Ordinarily the idea is to buy low and sell high, but even at record levels, Amazon.com, Inc. (NASDAQ:AMZN) stock still is worth picking up — if only because of torrid growth from the AMZN rocket known as Amazon Prime.
The broader market has delivered disappointing returns for some time now. Indeed, over the past 52 weeks, Amazon stock is slightly negative.
But that’s hardly the case with AMZN stock — the world’s dominant online retailer has seen its value grow by two-thirds over the same span.
AMZN Stock: Large, Still in Charge
We’re talking about a company that had a market capitalization of more than $200 billion a year ago. Today, it’s closer to $340 billion and has ample room to grow.
As a company gets bigger, its growth rate is supposed to slow down. AMZN might not be exploding like it used to, but it still has a long-term growth forecast of 55% a year. At that rate, it won’t be too long before Amazon claims the title of world’s largest publicly traded company.
And there’s every reason to expect it to get there.
The fundamentals continually wow investors and the news flow delivers a steady stream of upside catalysts. For example, on Thursday alone, the market was treated to some bullish news on Amazon Prime.
AMZN Rides Amazon Prime and More
Amazon Prime is one of the company’s most important strategies for growth because customers who pay $99 a year for membership spend more money on AMZN than non-members.
Consumer Intelligence Retail Partners, a market research outfit, says Amazon Prime subscribers spend an average of $1,500 a year on the site. Non-members spend just $625. Most importantly, Amazon Prime has ample room to grow — and it is doing so sharply.
Revenue from Amazon Prime more than doubled during the holiday selling season. U.S. membership rolls are estimated at more than 50 million, and yet fewer than half of all AMZN customers are enrolled.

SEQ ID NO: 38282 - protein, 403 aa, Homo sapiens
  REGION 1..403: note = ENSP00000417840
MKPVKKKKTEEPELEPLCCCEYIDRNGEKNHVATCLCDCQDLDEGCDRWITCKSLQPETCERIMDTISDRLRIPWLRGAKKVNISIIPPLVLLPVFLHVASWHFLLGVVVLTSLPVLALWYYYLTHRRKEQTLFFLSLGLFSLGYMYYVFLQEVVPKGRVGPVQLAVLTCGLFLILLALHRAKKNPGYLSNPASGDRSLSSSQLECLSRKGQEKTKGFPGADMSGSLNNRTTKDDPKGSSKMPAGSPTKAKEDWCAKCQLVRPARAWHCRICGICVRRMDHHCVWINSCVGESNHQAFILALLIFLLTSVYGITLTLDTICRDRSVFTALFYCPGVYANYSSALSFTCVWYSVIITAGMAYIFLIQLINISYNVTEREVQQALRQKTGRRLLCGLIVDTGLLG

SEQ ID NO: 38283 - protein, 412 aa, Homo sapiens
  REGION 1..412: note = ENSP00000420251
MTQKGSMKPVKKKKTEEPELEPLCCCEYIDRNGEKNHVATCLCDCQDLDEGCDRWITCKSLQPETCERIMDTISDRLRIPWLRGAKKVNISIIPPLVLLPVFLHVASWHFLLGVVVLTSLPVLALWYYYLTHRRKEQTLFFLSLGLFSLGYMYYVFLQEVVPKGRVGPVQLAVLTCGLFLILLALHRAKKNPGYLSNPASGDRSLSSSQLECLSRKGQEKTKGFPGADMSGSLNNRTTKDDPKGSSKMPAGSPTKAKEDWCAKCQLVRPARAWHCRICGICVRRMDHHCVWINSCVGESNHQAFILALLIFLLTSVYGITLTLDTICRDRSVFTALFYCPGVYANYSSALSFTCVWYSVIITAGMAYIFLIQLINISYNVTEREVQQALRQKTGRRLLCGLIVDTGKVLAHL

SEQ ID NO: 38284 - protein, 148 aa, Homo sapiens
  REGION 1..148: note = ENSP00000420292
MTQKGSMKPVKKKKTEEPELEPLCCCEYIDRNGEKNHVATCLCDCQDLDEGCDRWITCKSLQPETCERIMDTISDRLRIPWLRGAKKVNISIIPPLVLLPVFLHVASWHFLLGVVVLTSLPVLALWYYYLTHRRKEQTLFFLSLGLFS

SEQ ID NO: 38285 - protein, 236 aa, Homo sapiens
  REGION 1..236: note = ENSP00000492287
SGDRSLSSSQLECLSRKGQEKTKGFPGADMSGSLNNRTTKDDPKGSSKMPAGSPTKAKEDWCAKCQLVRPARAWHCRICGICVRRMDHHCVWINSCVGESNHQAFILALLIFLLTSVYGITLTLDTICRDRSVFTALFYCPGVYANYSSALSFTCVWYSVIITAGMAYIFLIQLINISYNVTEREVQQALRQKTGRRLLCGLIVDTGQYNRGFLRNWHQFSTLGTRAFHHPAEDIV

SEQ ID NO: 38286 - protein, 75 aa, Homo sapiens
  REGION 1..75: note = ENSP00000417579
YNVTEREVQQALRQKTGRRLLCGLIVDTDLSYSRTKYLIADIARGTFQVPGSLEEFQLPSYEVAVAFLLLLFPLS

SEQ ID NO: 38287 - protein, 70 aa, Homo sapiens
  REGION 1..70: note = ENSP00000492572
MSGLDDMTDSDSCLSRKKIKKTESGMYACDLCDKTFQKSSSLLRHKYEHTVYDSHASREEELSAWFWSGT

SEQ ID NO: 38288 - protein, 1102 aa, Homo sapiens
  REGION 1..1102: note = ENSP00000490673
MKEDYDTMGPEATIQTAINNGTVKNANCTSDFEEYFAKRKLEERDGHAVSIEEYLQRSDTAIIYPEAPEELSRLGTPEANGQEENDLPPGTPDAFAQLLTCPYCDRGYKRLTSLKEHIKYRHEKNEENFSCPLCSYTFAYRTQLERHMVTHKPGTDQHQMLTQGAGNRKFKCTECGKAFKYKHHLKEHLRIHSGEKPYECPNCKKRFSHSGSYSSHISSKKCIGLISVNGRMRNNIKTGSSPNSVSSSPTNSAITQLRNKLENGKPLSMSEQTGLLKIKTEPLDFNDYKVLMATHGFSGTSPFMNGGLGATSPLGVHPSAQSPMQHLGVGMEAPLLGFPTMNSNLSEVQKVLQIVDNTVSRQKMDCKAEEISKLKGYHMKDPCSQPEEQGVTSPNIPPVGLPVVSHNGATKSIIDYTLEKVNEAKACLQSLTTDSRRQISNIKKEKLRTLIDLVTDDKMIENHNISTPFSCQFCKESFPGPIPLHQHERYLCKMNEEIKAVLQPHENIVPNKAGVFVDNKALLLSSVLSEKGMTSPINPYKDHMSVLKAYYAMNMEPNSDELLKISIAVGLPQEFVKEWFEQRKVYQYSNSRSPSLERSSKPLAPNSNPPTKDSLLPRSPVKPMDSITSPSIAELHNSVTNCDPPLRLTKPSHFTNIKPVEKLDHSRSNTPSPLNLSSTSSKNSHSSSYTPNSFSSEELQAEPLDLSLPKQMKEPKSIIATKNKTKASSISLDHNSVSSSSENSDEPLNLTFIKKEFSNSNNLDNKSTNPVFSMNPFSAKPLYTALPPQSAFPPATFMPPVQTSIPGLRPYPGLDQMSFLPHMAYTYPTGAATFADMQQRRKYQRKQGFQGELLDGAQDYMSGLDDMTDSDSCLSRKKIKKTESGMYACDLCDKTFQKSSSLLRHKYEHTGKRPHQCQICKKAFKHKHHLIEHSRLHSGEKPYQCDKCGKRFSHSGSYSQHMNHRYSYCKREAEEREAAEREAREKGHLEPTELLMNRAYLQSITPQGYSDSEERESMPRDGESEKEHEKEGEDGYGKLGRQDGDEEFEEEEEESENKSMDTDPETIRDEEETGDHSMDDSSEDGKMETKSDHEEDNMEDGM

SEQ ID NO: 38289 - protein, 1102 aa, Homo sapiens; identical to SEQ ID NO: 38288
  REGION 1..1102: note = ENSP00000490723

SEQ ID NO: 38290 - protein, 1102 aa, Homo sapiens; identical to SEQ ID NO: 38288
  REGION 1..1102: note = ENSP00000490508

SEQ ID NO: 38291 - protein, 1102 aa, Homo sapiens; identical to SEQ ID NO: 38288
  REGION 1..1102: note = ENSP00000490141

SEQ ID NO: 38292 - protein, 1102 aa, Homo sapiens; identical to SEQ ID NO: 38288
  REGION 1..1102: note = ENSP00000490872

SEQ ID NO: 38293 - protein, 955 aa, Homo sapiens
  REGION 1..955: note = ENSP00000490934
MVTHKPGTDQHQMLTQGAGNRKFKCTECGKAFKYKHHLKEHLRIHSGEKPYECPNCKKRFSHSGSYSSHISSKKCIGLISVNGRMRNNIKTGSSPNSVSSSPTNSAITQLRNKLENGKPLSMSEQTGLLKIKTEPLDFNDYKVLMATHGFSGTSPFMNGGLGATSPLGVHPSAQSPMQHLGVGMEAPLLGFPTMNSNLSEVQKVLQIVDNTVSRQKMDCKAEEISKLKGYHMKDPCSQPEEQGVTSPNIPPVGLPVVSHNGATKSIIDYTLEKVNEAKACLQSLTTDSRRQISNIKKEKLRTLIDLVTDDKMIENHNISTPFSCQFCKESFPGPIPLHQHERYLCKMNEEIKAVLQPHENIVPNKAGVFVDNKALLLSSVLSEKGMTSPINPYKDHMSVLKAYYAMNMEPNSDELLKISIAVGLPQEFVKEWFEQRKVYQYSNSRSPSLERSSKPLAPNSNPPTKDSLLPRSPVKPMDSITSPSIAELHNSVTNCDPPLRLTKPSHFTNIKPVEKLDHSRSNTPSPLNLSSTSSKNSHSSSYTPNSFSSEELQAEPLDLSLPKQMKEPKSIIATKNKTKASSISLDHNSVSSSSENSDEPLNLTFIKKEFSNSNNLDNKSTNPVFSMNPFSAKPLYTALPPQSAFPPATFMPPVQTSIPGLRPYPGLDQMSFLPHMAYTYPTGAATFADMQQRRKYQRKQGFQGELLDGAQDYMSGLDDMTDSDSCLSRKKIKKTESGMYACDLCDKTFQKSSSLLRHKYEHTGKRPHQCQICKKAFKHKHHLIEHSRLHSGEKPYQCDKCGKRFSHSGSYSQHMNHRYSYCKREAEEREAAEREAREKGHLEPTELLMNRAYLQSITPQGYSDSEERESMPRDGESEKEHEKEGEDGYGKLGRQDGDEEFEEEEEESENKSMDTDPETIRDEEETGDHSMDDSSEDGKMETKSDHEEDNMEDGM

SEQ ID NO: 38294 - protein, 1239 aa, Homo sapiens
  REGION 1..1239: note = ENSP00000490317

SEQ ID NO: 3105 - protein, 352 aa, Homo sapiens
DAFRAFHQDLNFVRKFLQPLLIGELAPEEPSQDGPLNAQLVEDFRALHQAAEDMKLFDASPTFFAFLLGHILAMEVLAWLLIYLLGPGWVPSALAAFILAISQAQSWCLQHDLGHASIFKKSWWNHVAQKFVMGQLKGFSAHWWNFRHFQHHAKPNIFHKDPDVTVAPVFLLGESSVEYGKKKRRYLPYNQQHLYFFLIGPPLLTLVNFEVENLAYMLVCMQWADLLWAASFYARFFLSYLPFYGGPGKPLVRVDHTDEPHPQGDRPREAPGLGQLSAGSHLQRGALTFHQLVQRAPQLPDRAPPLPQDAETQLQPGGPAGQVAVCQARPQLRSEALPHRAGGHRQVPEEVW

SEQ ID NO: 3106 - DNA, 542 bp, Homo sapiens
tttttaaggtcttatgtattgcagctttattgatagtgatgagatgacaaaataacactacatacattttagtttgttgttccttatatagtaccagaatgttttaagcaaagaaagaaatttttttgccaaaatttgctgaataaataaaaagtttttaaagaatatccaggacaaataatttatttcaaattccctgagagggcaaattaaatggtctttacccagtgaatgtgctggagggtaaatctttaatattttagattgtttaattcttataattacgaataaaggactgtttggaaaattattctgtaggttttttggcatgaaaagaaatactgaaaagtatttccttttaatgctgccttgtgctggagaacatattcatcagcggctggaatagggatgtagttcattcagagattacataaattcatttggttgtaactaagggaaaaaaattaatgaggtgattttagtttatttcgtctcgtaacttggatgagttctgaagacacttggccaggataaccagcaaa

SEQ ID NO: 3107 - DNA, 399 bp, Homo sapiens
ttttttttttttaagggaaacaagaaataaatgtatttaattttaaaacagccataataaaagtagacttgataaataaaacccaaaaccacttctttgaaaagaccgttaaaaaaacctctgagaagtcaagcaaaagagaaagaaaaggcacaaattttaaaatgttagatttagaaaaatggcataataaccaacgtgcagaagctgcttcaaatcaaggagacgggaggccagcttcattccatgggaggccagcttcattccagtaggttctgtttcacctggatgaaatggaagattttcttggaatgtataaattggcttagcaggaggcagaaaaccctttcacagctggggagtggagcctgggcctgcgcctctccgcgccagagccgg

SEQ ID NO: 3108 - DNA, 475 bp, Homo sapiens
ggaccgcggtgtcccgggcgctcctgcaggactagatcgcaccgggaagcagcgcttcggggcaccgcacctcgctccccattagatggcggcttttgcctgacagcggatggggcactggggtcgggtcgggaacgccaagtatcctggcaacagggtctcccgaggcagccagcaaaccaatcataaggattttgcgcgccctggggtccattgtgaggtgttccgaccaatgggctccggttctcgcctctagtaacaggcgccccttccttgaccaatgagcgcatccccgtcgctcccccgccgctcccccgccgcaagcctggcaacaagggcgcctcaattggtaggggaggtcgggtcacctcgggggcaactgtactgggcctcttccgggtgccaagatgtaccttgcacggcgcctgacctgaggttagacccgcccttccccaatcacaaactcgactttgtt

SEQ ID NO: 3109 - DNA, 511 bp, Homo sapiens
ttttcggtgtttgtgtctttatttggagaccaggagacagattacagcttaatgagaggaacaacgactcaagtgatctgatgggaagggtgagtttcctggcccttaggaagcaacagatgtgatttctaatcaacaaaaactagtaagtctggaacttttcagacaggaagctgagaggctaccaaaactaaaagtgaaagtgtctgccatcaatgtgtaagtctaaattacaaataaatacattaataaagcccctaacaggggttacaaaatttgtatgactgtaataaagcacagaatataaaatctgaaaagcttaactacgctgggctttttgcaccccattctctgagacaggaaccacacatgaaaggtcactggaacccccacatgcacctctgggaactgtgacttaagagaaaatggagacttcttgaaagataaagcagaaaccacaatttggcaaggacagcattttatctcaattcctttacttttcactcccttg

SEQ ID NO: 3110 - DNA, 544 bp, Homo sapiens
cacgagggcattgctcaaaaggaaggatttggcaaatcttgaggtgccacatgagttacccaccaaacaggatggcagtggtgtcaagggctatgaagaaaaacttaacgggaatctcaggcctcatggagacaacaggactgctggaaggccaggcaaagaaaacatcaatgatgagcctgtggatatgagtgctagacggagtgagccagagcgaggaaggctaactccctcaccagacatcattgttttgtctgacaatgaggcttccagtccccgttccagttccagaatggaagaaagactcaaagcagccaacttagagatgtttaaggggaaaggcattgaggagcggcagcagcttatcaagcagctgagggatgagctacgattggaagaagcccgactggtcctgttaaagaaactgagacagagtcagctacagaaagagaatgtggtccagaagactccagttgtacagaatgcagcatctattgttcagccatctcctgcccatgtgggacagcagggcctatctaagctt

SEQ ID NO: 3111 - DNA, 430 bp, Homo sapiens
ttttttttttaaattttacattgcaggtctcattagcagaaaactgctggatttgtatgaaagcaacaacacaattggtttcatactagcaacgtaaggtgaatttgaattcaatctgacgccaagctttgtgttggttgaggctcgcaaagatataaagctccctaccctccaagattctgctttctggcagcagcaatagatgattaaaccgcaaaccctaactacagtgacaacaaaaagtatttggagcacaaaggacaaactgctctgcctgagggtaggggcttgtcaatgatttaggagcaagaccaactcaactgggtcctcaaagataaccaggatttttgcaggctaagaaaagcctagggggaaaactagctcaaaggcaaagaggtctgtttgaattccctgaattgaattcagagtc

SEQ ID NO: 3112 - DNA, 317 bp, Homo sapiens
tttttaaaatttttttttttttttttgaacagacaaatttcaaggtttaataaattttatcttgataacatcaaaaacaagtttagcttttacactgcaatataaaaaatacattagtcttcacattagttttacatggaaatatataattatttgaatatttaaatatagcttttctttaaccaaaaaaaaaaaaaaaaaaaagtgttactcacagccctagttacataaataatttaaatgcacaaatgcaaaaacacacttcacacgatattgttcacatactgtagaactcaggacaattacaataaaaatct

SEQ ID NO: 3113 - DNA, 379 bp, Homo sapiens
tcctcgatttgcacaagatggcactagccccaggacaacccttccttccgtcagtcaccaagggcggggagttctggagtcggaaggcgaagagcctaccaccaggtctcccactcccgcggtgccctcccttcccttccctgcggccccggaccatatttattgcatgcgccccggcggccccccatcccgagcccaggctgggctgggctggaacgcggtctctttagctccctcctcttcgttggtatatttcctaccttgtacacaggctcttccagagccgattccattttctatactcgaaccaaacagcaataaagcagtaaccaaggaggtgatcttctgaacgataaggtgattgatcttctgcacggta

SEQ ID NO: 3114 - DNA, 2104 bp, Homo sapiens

They’re also extremely loyal. According to CIRP, Amazon Prime member retention rates actually improve over time. And this comes despite AMZN raising the membership fee by $20 a year a couple of years ago. From CIRP:
“CIRP estimates that 73% of 30-day trial subscribers pay for the first full year of Amazon Prime membership. Slightly more than 91% of first-year paid subscribers renew for a second year, and 96% of second-year paid subscribers renew for a third year.”
Critically, retention rates rebounded after taking a year-over-year hit in 2015 due to the price hike. The bottom line is that new members stick around.
Of course, Prime doesn’t have to do the heavy lifting of revenue growth all by itself. After all, AMZN is also seeing success with cloud computing. Revenue from Amazon Web Services grew 64% to $2.57 billion in the most recent quarter — and best of all, the high margins there have helped Amazon tackle its previously stumping profitability issues.
Between Amazon Prime and AWS, Amazon stock will continue to benefit from the company’s enormous presence in online retailing and cloud-based services. This is why shares trade at 73 times forward earnings and investors tolerate the occasional unprofitable quarter.
AMZN stock might just represent the best mega-cap growth story of all time.
This is not to say that Amazon stock won’t stumble from time to time. All equities do. But if you can just stick it out through the downturns — dollar-cost averaging all the way — there will be many more record highs to come.
As of this writing, Dan Burrows did not hold a position in any of the aforementioned securities.